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Hoffmann, R. A wiki for the life sciences where authorship matters. Nature Genetics (2008)
 
 
 
 
 

Inhibition by anaesthetics of 14C-guanidinium flux through the voltage-gated sodium channel and the cation channel of the 5-HT3 receptor of N1E-115 neuroblastoma cells.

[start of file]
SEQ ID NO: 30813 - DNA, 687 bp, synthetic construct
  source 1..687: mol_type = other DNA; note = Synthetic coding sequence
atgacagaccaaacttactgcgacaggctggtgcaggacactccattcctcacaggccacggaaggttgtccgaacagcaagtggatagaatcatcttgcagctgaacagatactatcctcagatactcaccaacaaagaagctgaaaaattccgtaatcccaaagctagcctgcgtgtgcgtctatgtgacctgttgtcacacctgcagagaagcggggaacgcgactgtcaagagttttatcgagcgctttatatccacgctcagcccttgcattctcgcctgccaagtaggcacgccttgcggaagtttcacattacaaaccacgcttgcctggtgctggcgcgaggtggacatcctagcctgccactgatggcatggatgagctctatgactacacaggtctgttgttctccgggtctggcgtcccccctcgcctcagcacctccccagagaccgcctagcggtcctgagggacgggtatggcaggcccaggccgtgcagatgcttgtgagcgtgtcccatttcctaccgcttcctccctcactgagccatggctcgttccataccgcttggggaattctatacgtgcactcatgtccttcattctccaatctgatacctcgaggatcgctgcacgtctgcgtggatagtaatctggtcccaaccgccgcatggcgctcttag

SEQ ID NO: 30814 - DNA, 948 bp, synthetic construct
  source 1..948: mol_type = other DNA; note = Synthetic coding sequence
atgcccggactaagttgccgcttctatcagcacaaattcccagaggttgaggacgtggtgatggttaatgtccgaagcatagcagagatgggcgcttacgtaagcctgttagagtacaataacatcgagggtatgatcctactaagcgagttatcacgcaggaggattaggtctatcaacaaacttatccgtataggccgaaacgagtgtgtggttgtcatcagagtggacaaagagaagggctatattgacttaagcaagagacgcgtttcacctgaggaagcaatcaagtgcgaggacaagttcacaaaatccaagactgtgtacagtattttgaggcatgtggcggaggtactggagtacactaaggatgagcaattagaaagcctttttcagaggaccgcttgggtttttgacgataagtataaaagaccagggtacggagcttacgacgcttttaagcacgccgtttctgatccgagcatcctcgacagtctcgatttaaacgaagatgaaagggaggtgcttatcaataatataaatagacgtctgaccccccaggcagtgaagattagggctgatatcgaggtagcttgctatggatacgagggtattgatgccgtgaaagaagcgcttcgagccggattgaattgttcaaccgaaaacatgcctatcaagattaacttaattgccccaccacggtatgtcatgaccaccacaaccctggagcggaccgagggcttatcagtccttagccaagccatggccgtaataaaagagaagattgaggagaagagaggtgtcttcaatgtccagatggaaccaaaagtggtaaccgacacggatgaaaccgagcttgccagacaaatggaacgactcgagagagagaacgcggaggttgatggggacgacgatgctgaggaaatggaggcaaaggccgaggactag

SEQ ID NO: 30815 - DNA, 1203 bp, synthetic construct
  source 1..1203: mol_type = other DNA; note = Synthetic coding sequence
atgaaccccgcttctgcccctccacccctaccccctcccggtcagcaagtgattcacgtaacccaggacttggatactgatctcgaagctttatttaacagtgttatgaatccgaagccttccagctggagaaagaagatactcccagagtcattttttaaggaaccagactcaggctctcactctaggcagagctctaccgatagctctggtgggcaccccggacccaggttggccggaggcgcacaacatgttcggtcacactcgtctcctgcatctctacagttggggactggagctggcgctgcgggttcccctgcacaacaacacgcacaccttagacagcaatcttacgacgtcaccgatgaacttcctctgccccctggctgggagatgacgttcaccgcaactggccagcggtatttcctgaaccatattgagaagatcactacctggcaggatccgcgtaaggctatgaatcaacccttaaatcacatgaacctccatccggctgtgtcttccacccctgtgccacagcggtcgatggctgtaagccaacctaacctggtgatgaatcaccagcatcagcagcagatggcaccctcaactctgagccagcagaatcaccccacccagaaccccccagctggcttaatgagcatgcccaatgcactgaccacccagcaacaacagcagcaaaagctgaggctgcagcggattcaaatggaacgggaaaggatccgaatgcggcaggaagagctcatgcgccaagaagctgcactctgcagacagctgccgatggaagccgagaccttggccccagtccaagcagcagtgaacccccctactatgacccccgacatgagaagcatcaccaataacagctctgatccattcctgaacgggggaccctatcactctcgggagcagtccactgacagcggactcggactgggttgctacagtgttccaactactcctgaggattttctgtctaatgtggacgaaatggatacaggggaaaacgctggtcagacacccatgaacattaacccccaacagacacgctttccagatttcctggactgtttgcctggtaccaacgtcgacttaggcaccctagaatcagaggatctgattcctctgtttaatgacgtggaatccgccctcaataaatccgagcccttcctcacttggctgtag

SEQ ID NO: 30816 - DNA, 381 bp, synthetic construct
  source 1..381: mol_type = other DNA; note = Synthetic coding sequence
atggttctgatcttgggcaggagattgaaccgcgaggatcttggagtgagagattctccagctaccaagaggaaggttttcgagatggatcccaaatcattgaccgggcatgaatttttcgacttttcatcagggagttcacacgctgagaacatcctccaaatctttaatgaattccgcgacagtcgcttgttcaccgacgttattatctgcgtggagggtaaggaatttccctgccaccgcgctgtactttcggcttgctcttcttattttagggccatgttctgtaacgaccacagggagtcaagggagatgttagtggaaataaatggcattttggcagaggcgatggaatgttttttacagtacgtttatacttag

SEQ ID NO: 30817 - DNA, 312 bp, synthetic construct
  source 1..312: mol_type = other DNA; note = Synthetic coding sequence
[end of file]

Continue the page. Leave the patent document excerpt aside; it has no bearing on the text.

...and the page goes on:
The influence of local and general anaesthetics on cation influx through the fast, voltage-dependent sodium channel and the 5-HT3 receptor cation channel was studied in N1E-115 mouse neuroblastoma cells by measuring 2-min influx of the organic cation 14C-guanidinium induced by either veratridine (1 mmol/l) or 5-HT (100 mumol/l). The veratridine-induced influx of 14C-guanidinium was potentiated by scorpion toxin and inhibited by tetrodotoxin. The 5-HT-induced 14C-guanidinium influx was not affected by tetrodotoxin but it was inhibited by nanomolar concentrations of the selective 5-HT3 receptor antagonists ondansetron and ICS 205-930; at high micromolar concentrations these compounds also inhibited the veratridine-induced influx of 14C-guanidinium. The 14C-guanidinium influx through both channels was inhibited by local and general anaesthetics. The rank order of potency for inhibition of veratridine-induced influx by local anaesthetics was tetracaine > bupivacaine > cocaine > lidocaine > procaine and that for inhibition of the 5-HT3 receptor channel was tetracaine > bupivacaine > cocaine > procaine > lidocaine. With the exception of procaine and cocaine, which were equipotent at both channels, the local anaesthetics were 4.4-fold (lidocaine) to 25-fold (tetracaine) more potent at the fast sodium channel than at the 5-HT3 receptor channel. The rank order of potency for general anaesthetics was propofol > etomidate = alfaxalone = ketamine > thiopental = methohexital at the fast sodium channel, and propofol > or = etomidate > alfaxalone = methohexital > thiopental > ketamine at the 5-HT3 receptor channel.(ABSTRACT TRUNCATED AT 250 WORDS)[1]

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